In our experience, NJDEP has strictly applied the requirement that a “diligent search” of public records be completed before acquisition of property. Where an owner acquired property without receiving documents in response to an OPRA request, NJDEP has taken the position that the owner is liable for contamination, as the required “all appropriate inquiry” was not completed.
Because of the pandemic, the Department has relaxed some of its regulations, such as timeframes for investigating and remediating contaminated sites, but there has been no indication yet that NJDEP will relieve a property owner of liability when an owner did not receive public records because of the office closures. Of course, it is possible that NJDEP or a court called on to interpret these provisions will conclude that a buyer conducted a “diligent search” where it requested documents from a government agency but the agency was unable to provide documents at all, or unable to provide them within a reasonable time. It also might be determined that the party performing a PA did not have a legal right to access documents that an agency was unable to provide within a reasonable time, as circumstances have thwarted the public’s usual right to access government documents. Despite these potential arguments, neither NJDEP nor a court may provide a more definitive interpretation of the applicable regulations for some time, whereas parties to pending or contemplated real estate transactions must determine now their tolerance for environmental risk.
Due Diligence and Liability Protection under Federal Law
In contrast to New Jersey law, the analogous defense to liability for purchasers of contaminated property that performed “all appropriate inquiries” in the federal Comprehensive Environmental Response, Compensation, and Liability Act (“CERCLA”), 42 U.S.C. 9601 et seq., contemplates that public records may not be available. Federal regulations define “all appropriate inquiries” as performing a Phase I Environmental Site Assessment (“Phase I”), a similar but not identical exercise to performing a PA under New Jersey law. Those regulations allow a Phase I report to be completed with “data gaps,” identified missing information that nonetheless may not foreclose a purchaser from relying on the completion of the Phase I as a defense to environmental liability.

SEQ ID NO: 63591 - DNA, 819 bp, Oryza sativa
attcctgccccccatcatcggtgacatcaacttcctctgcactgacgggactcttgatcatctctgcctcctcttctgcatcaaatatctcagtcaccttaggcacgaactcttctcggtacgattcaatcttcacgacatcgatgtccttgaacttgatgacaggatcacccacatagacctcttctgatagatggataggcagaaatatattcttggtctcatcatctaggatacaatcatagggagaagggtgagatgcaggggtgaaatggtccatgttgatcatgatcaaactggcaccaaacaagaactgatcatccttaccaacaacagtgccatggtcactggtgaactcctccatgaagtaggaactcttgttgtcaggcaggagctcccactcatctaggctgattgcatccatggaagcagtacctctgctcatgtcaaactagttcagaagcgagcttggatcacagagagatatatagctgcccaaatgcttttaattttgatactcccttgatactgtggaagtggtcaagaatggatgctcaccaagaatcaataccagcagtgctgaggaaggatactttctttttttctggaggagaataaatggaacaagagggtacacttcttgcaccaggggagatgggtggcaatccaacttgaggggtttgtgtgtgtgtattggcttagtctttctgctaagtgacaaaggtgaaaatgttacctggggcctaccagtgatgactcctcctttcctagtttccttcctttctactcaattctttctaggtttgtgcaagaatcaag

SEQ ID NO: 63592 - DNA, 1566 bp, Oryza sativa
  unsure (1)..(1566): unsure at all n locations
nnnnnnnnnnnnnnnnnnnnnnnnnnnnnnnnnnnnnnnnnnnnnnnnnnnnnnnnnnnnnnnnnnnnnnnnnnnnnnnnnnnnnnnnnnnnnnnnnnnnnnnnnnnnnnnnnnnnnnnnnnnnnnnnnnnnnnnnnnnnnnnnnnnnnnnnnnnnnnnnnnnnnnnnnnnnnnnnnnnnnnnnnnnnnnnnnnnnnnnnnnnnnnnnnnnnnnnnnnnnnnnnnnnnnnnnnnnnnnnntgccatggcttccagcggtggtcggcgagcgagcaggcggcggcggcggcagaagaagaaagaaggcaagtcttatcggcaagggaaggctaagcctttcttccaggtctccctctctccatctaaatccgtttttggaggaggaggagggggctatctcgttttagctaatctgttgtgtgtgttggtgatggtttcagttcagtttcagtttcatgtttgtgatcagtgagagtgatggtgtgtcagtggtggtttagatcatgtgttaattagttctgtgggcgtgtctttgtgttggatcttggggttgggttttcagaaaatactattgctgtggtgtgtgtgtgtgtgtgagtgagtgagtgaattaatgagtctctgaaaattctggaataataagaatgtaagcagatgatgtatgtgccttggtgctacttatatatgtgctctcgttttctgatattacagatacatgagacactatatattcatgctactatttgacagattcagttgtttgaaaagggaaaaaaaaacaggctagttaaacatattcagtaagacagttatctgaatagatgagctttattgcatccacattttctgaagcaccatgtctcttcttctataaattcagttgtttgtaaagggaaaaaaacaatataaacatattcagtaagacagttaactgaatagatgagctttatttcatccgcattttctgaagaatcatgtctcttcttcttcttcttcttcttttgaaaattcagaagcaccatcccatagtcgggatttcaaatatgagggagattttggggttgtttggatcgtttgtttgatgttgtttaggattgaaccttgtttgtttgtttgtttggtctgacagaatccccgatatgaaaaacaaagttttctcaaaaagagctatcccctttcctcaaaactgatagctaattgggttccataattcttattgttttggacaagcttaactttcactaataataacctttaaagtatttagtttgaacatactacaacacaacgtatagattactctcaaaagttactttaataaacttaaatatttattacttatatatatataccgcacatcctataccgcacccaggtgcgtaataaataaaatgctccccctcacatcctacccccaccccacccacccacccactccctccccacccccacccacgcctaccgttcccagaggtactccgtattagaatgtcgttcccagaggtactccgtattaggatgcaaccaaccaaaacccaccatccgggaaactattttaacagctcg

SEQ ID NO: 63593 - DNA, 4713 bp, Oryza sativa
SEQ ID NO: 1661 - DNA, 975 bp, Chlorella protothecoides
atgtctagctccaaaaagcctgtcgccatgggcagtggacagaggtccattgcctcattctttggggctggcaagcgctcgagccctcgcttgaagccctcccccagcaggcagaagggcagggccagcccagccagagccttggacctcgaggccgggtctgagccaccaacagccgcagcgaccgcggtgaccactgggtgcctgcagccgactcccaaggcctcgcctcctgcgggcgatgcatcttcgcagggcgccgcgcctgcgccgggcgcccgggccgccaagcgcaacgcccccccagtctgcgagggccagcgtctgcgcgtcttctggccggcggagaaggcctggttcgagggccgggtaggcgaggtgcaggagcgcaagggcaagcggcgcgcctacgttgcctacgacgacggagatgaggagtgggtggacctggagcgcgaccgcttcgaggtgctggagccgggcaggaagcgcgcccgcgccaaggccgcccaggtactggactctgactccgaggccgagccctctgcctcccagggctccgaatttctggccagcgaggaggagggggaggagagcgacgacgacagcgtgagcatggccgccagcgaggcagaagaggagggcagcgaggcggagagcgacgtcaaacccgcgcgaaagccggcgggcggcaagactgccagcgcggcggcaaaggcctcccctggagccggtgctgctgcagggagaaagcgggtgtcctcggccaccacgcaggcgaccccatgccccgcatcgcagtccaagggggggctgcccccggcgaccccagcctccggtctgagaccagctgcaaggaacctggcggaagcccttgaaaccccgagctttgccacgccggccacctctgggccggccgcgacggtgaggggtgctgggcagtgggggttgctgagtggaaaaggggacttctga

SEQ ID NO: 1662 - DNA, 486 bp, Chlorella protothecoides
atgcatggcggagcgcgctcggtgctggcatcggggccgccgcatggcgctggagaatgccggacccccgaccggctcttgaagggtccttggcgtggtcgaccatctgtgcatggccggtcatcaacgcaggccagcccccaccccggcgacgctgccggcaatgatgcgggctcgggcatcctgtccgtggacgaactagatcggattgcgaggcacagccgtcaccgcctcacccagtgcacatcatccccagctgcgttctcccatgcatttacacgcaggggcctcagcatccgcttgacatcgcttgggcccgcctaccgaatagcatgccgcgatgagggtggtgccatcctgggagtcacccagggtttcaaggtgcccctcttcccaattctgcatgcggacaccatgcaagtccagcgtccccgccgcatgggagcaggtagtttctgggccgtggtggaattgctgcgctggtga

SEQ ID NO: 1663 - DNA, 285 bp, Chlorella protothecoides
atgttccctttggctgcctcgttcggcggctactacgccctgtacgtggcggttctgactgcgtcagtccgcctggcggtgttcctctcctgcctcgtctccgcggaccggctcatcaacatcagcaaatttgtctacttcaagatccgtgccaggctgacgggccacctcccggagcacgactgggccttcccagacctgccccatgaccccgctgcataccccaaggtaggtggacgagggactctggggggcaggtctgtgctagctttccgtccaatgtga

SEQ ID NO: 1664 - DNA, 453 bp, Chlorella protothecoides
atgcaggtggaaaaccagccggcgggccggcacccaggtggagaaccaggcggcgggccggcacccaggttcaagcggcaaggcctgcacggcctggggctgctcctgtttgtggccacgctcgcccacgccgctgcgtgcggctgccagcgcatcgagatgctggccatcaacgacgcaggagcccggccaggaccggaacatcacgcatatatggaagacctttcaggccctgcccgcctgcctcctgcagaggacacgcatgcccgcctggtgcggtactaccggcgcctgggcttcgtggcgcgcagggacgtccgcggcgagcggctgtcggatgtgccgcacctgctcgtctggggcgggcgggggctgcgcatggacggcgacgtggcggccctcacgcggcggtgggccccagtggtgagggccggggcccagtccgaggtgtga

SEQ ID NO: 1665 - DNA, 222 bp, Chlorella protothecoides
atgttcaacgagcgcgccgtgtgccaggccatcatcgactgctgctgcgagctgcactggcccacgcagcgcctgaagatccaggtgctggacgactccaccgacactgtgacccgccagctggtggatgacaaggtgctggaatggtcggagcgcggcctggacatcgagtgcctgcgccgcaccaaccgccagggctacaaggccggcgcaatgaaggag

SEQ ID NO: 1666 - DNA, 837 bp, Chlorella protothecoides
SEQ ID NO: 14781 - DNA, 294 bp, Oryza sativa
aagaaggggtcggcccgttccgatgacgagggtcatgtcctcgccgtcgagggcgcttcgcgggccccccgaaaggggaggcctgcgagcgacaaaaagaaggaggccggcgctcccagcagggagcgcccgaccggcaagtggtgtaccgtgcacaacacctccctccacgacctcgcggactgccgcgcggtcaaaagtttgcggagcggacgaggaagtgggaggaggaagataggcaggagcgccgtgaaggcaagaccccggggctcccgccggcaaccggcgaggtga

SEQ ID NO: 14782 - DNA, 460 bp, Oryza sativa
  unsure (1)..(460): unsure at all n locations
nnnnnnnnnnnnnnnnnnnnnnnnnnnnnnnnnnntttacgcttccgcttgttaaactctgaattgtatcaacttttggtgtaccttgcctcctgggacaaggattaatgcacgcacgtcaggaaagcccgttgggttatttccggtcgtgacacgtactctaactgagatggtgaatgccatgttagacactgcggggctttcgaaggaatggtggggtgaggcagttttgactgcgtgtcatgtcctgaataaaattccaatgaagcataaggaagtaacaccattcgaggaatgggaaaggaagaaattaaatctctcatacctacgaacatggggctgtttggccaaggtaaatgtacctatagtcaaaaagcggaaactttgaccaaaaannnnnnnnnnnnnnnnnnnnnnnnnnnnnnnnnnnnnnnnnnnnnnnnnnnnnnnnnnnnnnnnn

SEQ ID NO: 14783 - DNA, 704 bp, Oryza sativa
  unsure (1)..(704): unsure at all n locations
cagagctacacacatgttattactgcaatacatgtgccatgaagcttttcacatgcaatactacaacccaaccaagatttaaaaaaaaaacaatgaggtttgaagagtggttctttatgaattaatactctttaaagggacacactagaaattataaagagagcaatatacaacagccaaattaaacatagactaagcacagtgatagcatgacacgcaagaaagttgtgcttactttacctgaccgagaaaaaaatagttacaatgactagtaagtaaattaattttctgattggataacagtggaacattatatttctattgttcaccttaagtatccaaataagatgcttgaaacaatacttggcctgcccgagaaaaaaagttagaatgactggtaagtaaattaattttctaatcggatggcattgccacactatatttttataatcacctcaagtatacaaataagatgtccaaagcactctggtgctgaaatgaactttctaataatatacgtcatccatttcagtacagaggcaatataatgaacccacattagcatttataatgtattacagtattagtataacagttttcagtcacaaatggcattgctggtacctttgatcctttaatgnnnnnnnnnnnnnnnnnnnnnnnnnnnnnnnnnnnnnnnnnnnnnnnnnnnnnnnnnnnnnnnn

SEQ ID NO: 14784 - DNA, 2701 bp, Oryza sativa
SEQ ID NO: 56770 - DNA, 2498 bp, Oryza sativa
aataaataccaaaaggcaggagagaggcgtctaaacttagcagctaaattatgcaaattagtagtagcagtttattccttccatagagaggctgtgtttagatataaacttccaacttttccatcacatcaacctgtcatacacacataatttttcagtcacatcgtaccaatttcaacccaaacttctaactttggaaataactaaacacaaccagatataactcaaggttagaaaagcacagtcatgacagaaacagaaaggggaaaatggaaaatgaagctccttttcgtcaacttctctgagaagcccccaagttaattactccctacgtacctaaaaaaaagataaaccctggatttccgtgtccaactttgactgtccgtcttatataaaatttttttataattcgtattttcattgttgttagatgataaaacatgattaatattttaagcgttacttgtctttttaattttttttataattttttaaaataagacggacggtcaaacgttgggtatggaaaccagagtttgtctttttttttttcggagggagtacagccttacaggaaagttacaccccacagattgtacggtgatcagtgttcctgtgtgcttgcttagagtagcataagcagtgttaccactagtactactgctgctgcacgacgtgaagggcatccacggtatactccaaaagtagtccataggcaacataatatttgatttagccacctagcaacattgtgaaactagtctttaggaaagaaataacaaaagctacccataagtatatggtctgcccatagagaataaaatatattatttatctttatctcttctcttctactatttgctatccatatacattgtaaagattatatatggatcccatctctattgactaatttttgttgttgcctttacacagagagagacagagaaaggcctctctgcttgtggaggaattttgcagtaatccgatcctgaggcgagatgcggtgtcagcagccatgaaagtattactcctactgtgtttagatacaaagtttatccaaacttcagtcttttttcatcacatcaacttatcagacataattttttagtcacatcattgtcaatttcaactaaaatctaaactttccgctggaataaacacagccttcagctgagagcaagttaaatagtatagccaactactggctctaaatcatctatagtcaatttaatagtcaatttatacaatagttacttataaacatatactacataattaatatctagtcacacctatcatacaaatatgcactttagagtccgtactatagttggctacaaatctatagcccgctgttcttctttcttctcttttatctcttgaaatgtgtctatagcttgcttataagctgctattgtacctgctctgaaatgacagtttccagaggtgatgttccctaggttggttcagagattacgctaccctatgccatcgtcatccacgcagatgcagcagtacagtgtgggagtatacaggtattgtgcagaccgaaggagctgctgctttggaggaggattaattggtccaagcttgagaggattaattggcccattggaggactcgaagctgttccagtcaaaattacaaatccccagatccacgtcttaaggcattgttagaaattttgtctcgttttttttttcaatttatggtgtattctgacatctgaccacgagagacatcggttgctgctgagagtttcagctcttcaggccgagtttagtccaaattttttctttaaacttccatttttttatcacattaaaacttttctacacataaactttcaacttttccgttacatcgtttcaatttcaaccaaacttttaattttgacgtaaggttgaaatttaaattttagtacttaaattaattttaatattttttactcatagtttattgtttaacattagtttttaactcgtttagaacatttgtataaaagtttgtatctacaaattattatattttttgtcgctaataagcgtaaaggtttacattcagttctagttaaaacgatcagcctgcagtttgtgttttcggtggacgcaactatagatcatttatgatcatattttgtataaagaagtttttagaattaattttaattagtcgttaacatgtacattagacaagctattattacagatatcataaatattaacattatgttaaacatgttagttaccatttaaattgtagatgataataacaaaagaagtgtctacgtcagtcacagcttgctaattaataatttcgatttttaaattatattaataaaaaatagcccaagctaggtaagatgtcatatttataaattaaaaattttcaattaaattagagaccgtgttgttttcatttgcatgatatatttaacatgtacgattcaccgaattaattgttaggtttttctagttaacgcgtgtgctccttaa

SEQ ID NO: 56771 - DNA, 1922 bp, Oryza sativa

Potential Responses to Public Record Limitations
Purchasers of property in New Jersey who performed pre-purchase environmental due diligence during this time while access to public documents remains limited may find that they have a defense to environmental liability under federal law, but not State law. Although waiting until all government documents can be produced is the safest course, that may not be a realistic option. Instead, prospective purchasers might seek some measure of protection through a few alternate methods.